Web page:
Haze season is officially back in a big way in Singapore. It’s the first time in 4 years that the Pollutant Standards Index (PSI) has entered the “unhealthy” range. Here’s what you need to know about the haze season, how to get your hands on the N95 mask and how much it costs.
How to check daily PSI readings?
The National Environment Agency monitors the daily, 24-hour PSI reading, which is computed based on the 24-hour average of PM2.5 concentration levels, among other pollutants. PM stands for particulate matter. The NEA also issues hourly updates as well as a daily health advisory, which advises people how to plan their daily activities. Check the graph below for the range of PSI levels and the corresponding health hazard. The Ministry of Education will consider closing down schools if PSI air quality levels cross into hazardous range.
Do you need the N95 mask?
N95 is one of seven different grades of surgical mask and is a rating given by the US National Institute for Occupational Safety and Health (NIOSH).
The haze contains fine particle pollutants that are 2.5 microns or smaller (PM2.5). Research has proven that the N95 masks provide good protection against particle pollutants as they are at least 95 per cent efficient against fine particles that are between 0.1 and 0.3 microns in size. According to the Health Promotion Board website, it’s a must to wear a mask if “a healthy person has to be outdoors for several hours when the forecasted air quality is in the “hazardous” range (PSI >300). N95 masks are not needed for short exposure, like commuting from home to school or work, travel from bus-stop to shopping mall. N95 masks are also not needed in an indoor environment.”
Genuine N95 masks seldom cost more than S$2.50, and can be even less when purchased in a pack of 20 (see below).
Also ensure that the N95 mask fits snugly on the wearer’s face. If the fit is not good, particle pollutants will go through the gaps between the mask when breathing, and not through the filter as intended.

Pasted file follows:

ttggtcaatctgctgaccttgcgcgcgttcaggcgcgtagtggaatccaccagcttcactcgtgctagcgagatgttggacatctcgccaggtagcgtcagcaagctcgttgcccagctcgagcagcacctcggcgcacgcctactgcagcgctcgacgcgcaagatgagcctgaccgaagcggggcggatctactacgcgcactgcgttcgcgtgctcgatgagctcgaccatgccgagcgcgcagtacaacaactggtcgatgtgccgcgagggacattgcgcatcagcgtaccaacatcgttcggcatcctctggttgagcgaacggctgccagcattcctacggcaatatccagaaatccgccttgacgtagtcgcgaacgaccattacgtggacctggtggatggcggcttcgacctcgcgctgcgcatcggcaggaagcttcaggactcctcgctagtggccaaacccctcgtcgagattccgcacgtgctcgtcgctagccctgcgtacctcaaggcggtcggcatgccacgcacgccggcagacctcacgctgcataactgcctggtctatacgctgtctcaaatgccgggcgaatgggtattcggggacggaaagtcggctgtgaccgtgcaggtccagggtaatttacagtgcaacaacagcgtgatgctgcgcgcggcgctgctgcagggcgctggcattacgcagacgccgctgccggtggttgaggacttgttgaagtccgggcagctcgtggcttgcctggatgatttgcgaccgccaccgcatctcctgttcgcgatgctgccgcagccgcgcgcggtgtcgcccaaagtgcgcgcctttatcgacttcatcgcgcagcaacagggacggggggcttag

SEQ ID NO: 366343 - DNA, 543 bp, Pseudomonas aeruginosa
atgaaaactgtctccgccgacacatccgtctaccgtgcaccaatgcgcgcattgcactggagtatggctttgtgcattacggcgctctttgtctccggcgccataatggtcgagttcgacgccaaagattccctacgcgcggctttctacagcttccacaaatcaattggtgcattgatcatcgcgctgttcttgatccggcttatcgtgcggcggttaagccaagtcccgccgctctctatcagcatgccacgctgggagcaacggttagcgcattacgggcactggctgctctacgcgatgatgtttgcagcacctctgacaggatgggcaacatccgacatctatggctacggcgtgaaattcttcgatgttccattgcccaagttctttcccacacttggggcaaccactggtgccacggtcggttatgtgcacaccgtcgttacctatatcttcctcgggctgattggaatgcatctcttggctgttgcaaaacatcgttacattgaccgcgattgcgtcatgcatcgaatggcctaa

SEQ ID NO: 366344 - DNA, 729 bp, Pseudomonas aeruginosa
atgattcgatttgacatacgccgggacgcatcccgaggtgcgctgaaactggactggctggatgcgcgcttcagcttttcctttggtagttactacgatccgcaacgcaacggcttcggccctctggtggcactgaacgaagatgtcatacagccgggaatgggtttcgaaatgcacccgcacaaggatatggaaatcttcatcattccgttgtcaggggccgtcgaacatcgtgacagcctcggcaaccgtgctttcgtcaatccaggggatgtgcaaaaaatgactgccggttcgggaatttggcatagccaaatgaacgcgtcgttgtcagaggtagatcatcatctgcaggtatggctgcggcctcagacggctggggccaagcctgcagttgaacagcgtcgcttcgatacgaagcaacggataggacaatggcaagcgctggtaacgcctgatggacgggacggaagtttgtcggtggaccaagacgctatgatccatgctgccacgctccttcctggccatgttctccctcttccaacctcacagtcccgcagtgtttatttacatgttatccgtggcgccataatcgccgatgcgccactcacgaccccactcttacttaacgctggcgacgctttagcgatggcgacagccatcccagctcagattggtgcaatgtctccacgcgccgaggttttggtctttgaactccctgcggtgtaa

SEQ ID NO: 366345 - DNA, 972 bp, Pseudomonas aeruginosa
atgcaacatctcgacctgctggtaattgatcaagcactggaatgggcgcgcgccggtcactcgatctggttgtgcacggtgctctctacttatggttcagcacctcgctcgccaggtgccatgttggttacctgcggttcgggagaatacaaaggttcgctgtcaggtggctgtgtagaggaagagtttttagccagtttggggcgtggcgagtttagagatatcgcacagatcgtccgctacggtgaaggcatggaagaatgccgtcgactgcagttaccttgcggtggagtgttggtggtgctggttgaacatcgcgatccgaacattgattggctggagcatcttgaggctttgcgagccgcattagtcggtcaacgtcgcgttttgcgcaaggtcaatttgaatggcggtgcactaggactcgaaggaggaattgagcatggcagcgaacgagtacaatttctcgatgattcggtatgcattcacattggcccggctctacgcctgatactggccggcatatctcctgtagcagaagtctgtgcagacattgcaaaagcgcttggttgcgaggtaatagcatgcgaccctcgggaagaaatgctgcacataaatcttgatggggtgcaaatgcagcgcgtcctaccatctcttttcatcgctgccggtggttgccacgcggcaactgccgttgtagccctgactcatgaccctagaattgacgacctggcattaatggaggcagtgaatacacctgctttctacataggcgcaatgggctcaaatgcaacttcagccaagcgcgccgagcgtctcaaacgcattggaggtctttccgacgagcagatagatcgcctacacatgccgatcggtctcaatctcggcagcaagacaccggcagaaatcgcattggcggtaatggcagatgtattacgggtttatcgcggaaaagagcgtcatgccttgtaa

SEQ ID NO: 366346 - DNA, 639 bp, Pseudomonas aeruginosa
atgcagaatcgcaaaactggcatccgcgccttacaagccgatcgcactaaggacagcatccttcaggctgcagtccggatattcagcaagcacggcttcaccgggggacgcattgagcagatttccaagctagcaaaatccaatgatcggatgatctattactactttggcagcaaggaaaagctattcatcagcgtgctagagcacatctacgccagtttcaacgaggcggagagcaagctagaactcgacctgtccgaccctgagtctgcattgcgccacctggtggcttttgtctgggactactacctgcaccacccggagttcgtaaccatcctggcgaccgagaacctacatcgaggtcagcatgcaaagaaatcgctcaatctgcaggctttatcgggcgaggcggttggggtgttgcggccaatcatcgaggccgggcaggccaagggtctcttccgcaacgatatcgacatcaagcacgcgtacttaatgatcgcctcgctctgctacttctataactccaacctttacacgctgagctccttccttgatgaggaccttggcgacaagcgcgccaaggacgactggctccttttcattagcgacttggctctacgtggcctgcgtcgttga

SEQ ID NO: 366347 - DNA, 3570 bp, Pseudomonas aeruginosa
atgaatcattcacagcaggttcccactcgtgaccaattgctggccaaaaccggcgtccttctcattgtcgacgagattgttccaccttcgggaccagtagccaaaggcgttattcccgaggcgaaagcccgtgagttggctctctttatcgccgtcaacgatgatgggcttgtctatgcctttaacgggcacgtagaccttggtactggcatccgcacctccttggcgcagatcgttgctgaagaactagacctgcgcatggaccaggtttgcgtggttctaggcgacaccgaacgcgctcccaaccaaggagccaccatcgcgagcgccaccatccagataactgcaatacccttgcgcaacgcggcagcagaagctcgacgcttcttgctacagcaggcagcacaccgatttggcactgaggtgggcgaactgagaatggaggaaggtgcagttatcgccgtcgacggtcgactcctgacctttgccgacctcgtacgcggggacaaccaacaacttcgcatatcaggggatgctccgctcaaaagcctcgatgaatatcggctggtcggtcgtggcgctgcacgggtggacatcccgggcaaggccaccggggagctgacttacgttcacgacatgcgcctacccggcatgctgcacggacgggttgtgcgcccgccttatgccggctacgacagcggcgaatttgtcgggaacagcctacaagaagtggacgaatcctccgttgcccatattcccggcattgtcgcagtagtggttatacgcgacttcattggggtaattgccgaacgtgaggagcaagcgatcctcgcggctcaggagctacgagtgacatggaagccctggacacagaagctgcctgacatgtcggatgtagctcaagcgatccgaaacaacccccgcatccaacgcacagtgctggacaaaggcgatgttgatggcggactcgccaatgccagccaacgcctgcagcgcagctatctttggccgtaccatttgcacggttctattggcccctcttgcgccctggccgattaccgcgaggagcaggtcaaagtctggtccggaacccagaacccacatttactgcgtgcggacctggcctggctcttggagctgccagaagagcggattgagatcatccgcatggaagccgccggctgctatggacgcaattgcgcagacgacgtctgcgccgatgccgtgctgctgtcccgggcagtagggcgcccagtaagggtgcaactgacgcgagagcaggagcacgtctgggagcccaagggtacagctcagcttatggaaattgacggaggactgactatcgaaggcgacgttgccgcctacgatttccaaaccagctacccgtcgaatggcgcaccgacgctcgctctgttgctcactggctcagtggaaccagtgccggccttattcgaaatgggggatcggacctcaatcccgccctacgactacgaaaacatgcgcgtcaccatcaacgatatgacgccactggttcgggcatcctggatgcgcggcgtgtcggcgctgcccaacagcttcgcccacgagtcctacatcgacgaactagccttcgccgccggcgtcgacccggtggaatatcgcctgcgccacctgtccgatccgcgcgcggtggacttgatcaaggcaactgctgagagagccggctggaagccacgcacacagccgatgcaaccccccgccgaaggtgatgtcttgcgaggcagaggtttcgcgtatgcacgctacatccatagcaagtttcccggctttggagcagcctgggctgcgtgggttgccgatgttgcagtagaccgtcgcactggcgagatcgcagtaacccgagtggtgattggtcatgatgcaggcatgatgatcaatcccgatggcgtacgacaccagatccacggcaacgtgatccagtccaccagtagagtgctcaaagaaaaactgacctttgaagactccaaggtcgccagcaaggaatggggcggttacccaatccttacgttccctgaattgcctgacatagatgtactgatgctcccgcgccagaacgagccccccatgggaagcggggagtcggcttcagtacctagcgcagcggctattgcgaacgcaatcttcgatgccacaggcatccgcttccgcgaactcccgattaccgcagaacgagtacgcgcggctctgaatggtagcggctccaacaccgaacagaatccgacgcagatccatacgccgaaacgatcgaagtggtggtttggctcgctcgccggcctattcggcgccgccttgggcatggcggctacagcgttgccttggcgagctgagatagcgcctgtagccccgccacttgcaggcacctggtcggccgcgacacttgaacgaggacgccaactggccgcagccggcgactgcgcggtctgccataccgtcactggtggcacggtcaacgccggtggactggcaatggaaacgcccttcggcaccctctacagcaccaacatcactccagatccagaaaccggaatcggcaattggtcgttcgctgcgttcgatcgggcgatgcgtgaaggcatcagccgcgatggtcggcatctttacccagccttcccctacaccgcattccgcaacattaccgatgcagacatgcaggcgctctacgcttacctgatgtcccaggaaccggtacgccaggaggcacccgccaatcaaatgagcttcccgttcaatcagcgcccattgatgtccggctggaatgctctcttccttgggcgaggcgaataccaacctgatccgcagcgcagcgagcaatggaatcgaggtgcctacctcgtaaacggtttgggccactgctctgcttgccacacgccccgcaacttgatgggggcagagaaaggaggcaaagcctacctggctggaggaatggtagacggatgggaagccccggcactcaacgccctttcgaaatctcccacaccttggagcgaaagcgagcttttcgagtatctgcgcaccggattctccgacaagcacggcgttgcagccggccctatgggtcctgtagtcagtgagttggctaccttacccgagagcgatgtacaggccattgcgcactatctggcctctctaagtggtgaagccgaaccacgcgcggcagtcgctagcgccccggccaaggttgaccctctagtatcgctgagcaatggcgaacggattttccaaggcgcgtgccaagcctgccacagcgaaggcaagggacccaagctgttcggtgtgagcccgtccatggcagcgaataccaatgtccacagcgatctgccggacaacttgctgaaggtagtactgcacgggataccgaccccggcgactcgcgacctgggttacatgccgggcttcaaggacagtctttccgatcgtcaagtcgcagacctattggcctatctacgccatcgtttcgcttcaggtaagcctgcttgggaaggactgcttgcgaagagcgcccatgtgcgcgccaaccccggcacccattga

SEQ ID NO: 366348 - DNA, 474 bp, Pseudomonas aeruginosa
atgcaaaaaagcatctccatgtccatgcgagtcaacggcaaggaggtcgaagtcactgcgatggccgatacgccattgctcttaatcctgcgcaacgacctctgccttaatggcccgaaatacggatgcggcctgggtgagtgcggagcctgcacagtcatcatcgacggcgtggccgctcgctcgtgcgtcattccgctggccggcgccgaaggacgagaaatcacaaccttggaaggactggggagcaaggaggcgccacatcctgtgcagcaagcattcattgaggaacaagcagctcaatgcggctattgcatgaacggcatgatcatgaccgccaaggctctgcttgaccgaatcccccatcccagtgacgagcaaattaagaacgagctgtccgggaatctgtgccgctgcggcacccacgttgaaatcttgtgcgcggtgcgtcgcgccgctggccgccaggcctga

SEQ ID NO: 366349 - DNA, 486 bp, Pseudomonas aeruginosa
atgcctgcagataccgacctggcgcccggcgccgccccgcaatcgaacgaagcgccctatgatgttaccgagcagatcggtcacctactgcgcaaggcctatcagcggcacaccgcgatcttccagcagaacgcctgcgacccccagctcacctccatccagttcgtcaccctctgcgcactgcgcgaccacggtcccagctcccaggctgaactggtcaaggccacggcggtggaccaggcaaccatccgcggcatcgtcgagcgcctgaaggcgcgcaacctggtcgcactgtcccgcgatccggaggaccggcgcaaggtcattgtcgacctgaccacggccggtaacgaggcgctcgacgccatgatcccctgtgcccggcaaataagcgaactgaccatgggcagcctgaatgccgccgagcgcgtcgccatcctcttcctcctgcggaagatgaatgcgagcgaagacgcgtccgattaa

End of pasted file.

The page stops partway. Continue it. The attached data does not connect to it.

How much does the N95 mask cost?
The most common N95 (8210) mask is made by American manufacturer 3M. Masks are available at major pharmacies and supermarkets, such as Unity, Watsons, Guardian, Cold Storage, Giant and NTUC FairPrice and should cost no more than $2 per individual mask. The NEA also keenly watches over a stockpile of N95 masks so even though there were recent reports of masks being sold out at certain pharmacy branches, the NEA can push out additional stock of N95 masks to stores islandwide when necessary.
We also compared the price of N95 masks across a few common e-commerce websites below. As a general word of advice, it’s cheaper to buy in a pack, rather than buying individual masks, so you can share the costs with family or colleagues.
While you can reuse your N95 mask for a few days, the NEA advises it should be changed when it is soiled or distorted in shape. It should most definitely not be shared.
Wearing N95 masks also takes some getting used to. At the beginning, it may cause discomfort, tiredness or headaches, as the mask makes it harder to breathe. Pregnant women, the elderly and people with severe lung or heart problems who have difficulty breathing when at rest or during exertion should also consult a doctor before using an N95 mask.
NTUC FairPrice On: Sells a pack of 20 for $38. (Spend $1 more for free online delivery)
Lazada: Sells a pack of 20 for $19.50 (Shipping fee costs an additional $1.49)
Guardian pharmacy: Guardian pharmacy sells a single mask for $1.90.
Haze Subsidy Scheme and other haze-related costs
Apart from spending money on N95 masks, the haze hurts our pockets in other ways.
- Expect to spend more on Grab and Go Jek rides to avoid prolonged exposure to poor air quality
- Spending more on indoor air purifiers as you close the windows at home. One way to save cost is to search Carousell for second-hand air purifiers instead of splurging on a new purifier which may cost anywhere between $150 to $1,000
- Higher air con bills to keep cool at home. Here’s a handy guide on six ways to save on electricity even with your air con on.
- Higher laundry-related costs as you may have to find alternative ways to hang your clothes out to dry, and as clothes get dirtier quicker from the smog
Haze Subsidy Scheme: What it is and who’s eligible?
When the haze gets really bad, the Ministry of Health may activate the Haze Subsidy Scheme, which will be made available at all polyclinics and Public Health Preparedness Clinics (PHPC). When the scheme is activated, eligible residents will get subsidised health treatment of no more than $10.
The eligible medical conditions are: allergic rhinitis, asthma, bronchitis, chronic obstructive pulmonary disease (COPD), conjunctivitis and upper respiratory tract infections (URTI).
Here’s the list of eligibility criteria:
- All Singaporean children (aged 18 and below) and elderly (aged 65 and above)
- Singaporeans who are on any of the following schemes: Community Health Assist Scheme (CHAS), Public Assistance (PA), Medical Fee Exemption Card (MFEC), Medical Fee Assistance Card (MFAC); and Pioneer Generation (PG)
- Singaporeans who earn a $1,800 a month and below (averaged over the last six months)
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